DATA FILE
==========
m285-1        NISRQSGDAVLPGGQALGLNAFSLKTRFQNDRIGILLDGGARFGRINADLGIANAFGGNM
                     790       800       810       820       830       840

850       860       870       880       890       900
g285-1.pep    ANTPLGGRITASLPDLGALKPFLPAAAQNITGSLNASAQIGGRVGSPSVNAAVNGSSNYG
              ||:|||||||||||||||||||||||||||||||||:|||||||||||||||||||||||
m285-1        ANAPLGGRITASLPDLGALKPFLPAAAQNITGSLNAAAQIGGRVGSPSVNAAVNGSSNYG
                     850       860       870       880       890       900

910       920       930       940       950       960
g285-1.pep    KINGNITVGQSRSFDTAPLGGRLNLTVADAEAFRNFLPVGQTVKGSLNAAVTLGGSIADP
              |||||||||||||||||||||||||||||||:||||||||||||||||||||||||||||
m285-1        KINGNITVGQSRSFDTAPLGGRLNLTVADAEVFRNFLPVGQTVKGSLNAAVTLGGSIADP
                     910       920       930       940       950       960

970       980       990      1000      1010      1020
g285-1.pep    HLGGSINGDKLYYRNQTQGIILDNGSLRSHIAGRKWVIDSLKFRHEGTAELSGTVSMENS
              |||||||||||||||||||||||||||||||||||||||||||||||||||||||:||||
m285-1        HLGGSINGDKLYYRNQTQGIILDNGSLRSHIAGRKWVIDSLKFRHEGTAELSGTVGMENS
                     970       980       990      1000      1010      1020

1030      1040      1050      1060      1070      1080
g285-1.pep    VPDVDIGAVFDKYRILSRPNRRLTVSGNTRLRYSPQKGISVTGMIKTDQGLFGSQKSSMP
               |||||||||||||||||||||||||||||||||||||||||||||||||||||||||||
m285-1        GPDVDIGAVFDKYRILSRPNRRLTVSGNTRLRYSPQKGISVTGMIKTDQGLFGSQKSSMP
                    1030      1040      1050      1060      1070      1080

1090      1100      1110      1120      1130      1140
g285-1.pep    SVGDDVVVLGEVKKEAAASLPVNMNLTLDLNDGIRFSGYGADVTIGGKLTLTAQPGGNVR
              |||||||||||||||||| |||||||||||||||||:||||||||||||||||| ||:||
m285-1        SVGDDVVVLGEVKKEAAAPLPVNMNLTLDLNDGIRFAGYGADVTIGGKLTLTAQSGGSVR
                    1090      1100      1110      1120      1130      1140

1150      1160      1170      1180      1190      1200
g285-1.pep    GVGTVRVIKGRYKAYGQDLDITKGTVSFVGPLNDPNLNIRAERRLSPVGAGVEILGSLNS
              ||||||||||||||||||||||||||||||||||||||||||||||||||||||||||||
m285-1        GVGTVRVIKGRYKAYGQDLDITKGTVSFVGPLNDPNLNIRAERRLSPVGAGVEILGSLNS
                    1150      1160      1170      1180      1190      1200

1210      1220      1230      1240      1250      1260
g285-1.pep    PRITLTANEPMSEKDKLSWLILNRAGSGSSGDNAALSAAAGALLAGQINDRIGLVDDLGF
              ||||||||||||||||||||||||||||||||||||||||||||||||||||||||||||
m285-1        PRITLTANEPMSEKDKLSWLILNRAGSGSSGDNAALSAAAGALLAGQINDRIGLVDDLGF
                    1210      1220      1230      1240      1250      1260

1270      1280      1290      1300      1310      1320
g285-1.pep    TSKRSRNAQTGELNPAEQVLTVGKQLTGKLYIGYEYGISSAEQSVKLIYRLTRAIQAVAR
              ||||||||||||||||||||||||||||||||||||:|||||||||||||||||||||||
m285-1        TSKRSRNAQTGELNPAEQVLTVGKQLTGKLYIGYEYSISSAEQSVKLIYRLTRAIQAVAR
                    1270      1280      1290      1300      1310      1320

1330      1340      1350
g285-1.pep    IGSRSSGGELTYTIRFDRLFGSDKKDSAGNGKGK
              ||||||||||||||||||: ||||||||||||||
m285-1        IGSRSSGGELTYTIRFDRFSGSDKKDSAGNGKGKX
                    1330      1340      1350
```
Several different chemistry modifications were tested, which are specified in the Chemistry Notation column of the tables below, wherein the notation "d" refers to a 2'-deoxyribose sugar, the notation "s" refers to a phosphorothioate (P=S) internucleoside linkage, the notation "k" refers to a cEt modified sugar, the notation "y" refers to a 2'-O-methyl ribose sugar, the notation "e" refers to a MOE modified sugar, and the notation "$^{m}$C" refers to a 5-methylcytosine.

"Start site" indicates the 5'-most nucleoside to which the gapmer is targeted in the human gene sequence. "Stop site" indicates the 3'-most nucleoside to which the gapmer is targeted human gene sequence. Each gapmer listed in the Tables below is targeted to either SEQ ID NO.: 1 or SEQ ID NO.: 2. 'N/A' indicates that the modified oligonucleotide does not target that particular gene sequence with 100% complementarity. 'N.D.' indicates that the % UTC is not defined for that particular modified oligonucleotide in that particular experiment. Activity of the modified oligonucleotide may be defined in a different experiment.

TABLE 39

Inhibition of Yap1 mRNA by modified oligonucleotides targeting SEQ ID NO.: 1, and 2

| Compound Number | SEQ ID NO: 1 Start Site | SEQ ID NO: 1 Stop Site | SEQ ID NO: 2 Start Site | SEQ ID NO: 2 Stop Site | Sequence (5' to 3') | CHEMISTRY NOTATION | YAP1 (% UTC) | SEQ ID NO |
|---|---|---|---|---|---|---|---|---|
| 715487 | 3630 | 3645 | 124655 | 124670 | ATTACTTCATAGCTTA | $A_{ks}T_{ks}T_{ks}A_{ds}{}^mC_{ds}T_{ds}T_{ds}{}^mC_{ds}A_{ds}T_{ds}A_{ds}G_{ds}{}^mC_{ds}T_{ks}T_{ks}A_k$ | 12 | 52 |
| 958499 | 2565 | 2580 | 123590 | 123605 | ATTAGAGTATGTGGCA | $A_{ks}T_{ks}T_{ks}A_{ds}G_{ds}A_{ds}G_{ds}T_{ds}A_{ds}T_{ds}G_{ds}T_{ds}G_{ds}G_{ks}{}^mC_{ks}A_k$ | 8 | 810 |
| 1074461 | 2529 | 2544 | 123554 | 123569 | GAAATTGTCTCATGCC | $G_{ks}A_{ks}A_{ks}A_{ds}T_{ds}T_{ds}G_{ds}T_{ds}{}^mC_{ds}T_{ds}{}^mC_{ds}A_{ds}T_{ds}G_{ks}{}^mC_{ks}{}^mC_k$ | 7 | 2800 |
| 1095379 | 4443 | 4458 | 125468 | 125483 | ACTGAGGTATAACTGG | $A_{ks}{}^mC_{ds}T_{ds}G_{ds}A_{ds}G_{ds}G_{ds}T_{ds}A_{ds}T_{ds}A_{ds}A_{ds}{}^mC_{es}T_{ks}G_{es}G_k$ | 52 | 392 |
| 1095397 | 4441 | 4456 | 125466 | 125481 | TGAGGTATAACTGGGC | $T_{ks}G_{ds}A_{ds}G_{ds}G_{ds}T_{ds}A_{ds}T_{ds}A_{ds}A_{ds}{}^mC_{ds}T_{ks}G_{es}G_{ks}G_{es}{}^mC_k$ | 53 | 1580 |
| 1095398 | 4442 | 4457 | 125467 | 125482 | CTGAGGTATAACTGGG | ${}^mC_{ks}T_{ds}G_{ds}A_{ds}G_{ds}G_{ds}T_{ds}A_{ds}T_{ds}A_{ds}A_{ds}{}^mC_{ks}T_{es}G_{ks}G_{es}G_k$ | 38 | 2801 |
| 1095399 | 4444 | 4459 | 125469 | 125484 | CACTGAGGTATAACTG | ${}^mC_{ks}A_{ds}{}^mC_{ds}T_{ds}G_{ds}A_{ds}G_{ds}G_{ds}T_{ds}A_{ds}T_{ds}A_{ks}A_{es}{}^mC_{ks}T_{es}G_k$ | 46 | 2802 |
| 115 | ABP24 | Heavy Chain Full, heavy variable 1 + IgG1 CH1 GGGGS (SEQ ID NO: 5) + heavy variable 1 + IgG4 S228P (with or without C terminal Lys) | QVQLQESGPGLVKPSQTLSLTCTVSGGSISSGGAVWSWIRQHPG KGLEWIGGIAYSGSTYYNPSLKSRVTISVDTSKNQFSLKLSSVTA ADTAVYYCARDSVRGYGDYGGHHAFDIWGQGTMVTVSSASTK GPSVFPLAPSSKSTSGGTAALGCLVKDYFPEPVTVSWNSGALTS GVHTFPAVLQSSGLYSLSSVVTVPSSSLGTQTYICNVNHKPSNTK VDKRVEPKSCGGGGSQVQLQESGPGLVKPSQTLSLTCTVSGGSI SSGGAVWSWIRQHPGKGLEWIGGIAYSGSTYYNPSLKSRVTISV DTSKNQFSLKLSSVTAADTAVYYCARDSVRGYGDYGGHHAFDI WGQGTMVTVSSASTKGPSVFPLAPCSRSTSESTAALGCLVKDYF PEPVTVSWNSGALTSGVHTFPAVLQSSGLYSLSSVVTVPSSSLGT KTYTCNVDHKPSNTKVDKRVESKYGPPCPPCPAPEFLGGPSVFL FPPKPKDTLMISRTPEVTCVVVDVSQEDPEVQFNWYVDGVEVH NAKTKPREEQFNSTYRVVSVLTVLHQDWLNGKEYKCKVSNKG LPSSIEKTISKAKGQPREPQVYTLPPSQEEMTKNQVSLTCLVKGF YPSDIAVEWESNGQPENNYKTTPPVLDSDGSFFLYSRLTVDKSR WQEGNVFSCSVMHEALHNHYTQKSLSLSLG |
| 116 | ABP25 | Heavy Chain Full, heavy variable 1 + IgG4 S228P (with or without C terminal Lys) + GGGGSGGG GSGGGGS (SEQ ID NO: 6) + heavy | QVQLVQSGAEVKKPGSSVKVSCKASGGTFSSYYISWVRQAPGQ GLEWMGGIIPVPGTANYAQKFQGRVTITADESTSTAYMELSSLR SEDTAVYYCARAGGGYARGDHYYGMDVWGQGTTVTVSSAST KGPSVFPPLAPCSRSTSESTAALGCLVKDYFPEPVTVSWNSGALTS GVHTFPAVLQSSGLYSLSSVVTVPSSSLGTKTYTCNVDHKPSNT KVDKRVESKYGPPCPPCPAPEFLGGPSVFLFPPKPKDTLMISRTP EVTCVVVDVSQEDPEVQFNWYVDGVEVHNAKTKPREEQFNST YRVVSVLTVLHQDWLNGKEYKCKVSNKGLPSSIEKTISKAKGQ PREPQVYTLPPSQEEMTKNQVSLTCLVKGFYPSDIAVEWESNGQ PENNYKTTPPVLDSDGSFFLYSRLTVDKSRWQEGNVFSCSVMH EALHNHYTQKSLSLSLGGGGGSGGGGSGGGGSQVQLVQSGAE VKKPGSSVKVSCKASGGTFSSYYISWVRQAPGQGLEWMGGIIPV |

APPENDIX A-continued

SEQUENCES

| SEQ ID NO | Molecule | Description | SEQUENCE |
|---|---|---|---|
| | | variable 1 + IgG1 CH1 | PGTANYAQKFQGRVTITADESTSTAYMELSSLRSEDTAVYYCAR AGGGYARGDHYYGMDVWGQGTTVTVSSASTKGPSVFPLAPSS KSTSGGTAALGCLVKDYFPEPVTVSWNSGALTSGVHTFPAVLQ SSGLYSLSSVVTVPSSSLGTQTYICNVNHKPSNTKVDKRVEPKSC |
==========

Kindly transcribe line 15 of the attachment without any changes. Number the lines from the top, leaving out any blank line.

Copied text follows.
              |||||||||||||||||||||||||||||||||||||||||||||||||||||||:||||